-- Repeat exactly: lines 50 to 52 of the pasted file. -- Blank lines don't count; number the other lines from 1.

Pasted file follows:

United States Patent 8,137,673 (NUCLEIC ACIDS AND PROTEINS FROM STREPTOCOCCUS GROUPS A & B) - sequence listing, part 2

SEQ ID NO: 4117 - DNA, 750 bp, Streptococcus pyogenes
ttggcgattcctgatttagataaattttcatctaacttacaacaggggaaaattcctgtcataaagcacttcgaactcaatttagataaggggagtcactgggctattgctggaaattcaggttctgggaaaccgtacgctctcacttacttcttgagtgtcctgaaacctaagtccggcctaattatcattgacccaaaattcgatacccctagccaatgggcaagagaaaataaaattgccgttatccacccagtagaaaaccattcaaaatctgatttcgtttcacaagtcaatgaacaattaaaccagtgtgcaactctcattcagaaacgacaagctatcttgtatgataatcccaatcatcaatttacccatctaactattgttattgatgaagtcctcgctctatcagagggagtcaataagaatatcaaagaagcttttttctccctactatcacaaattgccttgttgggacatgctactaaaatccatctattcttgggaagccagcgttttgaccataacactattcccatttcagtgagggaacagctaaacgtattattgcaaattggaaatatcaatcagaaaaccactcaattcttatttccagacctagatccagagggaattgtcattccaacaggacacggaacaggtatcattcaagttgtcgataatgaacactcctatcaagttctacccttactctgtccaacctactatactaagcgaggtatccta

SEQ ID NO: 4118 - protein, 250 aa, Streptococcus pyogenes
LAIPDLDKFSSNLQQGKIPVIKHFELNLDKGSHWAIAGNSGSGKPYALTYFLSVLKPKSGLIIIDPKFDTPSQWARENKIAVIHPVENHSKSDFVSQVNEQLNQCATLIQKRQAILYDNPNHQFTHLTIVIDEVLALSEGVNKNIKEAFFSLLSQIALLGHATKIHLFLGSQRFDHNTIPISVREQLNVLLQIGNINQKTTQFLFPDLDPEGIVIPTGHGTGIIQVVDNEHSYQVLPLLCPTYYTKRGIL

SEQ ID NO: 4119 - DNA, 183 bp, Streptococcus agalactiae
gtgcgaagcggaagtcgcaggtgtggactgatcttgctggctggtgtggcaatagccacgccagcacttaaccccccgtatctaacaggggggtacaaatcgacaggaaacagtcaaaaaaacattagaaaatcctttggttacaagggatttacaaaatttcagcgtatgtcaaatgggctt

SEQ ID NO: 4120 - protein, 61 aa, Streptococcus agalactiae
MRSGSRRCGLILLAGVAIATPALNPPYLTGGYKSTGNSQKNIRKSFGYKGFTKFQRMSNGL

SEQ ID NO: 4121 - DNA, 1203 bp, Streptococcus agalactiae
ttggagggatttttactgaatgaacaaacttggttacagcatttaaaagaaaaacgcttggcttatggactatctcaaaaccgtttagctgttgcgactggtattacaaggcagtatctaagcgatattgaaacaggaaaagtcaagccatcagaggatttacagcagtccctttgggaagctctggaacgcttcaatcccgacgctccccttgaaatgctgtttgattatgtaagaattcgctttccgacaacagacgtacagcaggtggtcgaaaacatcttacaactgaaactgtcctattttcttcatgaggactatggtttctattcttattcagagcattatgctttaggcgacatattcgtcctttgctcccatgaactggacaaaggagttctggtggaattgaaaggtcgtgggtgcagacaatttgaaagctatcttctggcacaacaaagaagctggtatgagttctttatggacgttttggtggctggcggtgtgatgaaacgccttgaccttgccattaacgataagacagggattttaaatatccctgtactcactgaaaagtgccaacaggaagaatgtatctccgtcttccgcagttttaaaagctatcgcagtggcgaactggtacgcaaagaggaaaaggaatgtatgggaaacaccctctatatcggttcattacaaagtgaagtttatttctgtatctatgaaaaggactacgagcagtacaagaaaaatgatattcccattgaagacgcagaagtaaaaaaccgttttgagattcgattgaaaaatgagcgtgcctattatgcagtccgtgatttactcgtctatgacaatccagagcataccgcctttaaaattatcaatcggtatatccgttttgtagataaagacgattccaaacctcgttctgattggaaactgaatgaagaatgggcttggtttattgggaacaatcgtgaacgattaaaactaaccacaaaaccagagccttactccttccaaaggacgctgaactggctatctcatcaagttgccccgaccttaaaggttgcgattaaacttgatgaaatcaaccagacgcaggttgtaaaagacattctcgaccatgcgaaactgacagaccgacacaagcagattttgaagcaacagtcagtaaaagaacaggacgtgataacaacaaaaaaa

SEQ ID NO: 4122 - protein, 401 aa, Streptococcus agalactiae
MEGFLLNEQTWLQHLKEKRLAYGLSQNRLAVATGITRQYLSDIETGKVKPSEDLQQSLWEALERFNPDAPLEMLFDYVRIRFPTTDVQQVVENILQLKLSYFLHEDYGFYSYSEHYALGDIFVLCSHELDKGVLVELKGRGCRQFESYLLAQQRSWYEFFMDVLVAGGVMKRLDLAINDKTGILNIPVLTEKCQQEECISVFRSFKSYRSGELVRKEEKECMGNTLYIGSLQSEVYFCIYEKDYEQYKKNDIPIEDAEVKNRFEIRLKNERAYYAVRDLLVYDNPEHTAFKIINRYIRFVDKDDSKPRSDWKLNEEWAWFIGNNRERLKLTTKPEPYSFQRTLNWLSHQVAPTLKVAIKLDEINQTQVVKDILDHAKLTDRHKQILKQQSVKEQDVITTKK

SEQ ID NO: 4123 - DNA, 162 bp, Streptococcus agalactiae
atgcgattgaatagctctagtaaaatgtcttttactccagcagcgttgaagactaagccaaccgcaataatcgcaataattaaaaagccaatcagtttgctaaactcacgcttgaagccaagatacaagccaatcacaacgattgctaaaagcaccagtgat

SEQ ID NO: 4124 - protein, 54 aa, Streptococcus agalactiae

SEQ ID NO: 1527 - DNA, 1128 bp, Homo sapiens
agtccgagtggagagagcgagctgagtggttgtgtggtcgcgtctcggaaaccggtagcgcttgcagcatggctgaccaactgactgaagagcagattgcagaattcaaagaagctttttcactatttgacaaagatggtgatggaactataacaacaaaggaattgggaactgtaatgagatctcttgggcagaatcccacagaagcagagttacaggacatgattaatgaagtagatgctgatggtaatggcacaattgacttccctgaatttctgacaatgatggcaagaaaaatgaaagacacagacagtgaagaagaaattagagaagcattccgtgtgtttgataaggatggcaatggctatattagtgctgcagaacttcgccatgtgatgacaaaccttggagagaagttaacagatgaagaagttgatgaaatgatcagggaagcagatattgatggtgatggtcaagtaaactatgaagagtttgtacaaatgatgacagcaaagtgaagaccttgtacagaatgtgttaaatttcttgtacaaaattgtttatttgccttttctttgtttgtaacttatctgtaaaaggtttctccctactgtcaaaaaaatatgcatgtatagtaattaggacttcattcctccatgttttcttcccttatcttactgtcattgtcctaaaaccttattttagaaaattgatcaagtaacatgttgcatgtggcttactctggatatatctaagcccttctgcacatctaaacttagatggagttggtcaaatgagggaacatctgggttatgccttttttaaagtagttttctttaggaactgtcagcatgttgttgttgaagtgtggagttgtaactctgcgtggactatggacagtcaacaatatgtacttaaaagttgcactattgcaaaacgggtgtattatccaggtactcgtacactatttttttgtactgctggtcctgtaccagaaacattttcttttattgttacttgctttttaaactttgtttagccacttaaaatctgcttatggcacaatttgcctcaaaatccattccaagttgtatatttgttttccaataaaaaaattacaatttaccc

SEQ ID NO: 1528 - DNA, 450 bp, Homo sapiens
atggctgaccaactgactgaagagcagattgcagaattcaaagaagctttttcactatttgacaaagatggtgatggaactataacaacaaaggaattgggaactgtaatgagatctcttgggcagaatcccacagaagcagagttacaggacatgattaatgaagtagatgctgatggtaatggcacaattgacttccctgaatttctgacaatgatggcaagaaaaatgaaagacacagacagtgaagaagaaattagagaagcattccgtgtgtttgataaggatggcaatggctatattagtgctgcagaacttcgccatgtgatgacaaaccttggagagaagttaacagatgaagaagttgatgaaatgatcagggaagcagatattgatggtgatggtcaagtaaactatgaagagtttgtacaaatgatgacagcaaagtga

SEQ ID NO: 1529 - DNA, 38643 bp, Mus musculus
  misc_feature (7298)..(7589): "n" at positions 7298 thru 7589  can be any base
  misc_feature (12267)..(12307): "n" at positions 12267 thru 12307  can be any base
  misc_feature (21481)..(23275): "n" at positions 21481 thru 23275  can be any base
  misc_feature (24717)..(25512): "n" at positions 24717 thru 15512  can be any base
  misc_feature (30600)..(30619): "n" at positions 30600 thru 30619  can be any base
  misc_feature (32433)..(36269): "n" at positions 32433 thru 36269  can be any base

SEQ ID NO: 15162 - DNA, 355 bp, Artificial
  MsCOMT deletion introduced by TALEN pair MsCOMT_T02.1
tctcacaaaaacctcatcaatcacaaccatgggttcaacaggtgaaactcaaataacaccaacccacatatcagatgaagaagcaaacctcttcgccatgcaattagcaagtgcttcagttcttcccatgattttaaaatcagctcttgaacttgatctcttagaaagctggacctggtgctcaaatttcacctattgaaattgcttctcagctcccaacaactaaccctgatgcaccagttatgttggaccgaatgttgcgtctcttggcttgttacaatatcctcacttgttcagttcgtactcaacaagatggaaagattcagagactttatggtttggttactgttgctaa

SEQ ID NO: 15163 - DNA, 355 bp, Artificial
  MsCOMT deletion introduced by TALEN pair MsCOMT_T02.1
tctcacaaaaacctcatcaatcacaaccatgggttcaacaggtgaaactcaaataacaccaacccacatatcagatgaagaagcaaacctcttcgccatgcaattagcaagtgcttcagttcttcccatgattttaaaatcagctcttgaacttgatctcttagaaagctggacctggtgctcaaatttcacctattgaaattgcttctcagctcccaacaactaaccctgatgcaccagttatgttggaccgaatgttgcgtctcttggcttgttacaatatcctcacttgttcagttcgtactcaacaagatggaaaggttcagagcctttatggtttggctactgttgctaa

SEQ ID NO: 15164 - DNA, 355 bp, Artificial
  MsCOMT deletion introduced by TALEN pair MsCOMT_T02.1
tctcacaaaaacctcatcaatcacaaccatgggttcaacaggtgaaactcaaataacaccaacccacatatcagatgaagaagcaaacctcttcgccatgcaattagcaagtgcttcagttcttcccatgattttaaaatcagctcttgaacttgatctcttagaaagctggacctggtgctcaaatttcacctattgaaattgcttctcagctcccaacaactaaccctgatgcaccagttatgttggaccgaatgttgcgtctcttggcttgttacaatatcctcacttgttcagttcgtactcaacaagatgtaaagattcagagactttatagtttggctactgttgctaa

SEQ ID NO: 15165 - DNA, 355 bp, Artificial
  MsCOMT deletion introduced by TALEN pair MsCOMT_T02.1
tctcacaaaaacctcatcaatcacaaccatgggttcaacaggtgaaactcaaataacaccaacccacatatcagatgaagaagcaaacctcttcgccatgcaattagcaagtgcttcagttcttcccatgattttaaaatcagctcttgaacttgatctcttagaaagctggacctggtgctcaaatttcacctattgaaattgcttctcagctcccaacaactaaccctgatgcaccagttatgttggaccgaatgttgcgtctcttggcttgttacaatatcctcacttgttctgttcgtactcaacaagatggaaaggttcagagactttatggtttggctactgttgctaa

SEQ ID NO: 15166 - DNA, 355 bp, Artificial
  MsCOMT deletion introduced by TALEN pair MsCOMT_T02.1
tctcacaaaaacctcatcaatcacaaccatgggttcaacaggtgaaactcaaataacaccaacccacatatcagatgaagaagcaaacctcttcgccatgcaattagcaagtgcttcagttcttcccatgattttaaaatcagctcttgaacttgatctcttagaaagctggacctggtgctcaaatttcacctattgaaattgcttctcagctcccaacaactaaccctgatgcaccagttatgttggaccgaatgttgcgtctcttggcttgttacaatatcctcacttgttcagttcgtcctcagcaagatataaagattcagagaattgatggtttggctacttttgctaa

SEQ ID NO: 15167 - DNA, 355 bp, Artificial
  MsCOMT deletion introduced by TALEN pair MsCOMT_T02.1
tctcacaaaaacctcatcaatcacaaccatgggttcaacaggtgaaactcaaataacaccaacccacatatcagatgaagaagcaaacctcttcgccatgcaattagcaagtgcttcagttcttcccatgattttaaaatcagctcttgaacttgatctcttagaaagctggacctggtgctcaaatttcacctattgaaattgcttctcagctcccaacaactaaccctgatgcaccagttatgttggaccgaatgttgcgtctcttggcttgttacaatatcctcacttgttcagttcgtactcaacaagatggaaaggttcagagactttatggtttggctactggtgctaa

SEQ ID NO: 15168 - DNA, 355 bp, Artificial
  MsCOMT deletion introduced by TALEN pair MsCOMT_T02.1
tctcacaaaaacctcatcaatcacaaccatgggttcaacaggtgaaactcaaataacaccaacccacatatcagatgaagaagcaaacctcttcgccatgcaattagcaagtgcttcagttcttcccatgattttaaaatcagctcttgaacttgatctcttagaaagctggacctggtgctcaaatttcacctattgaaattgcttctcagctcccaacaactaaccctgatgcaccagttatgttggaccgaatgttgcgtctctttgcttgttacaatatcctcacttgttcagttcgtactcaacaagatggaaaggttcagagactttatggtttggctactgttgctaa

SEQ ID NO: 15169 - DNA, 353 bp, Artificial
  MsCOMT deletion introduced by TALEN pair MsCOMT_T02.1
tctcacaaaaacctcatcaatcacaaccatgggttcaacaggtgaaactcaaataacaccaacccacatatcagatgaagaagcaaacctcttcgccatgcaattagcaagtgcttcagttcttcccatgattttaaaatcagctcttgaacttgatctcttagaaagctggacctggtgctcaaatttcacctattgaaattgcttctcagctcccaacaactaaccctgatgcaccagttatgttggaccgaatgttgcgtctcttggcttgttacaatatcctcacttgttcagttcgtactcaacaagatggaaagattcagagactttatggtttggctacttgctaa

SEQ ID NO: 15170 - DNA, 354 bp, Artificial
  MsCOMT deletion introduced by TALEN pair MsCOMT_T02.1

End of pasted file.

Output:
  MsCOMT deletion introduced by TALEN pair MsCOMT_T02.1
tctcacaaaaacctcatcaatcacaaccatgggttcaacaggtgaaactcaaataacaccaacccacatatcagatgaagaagcaaacctcttcgccatgcaattagcaagtgcttcagttcttcccatgattttaaaatcagctcttgaacttgatctcttagaaagctggacctggtgctcaaatttcacctattgaaattgcttctcagctcccaacaactaaccctgatgcaccagttatgttggaccgaatgttgcgtctcttggcttgttacaatatcctcacttgttcagttcgtactcaacaagatggaaagattcagagactttatggtttggctacttgctaa

SEQ ID NO: 15170 - DNA, 354 bp, Artificial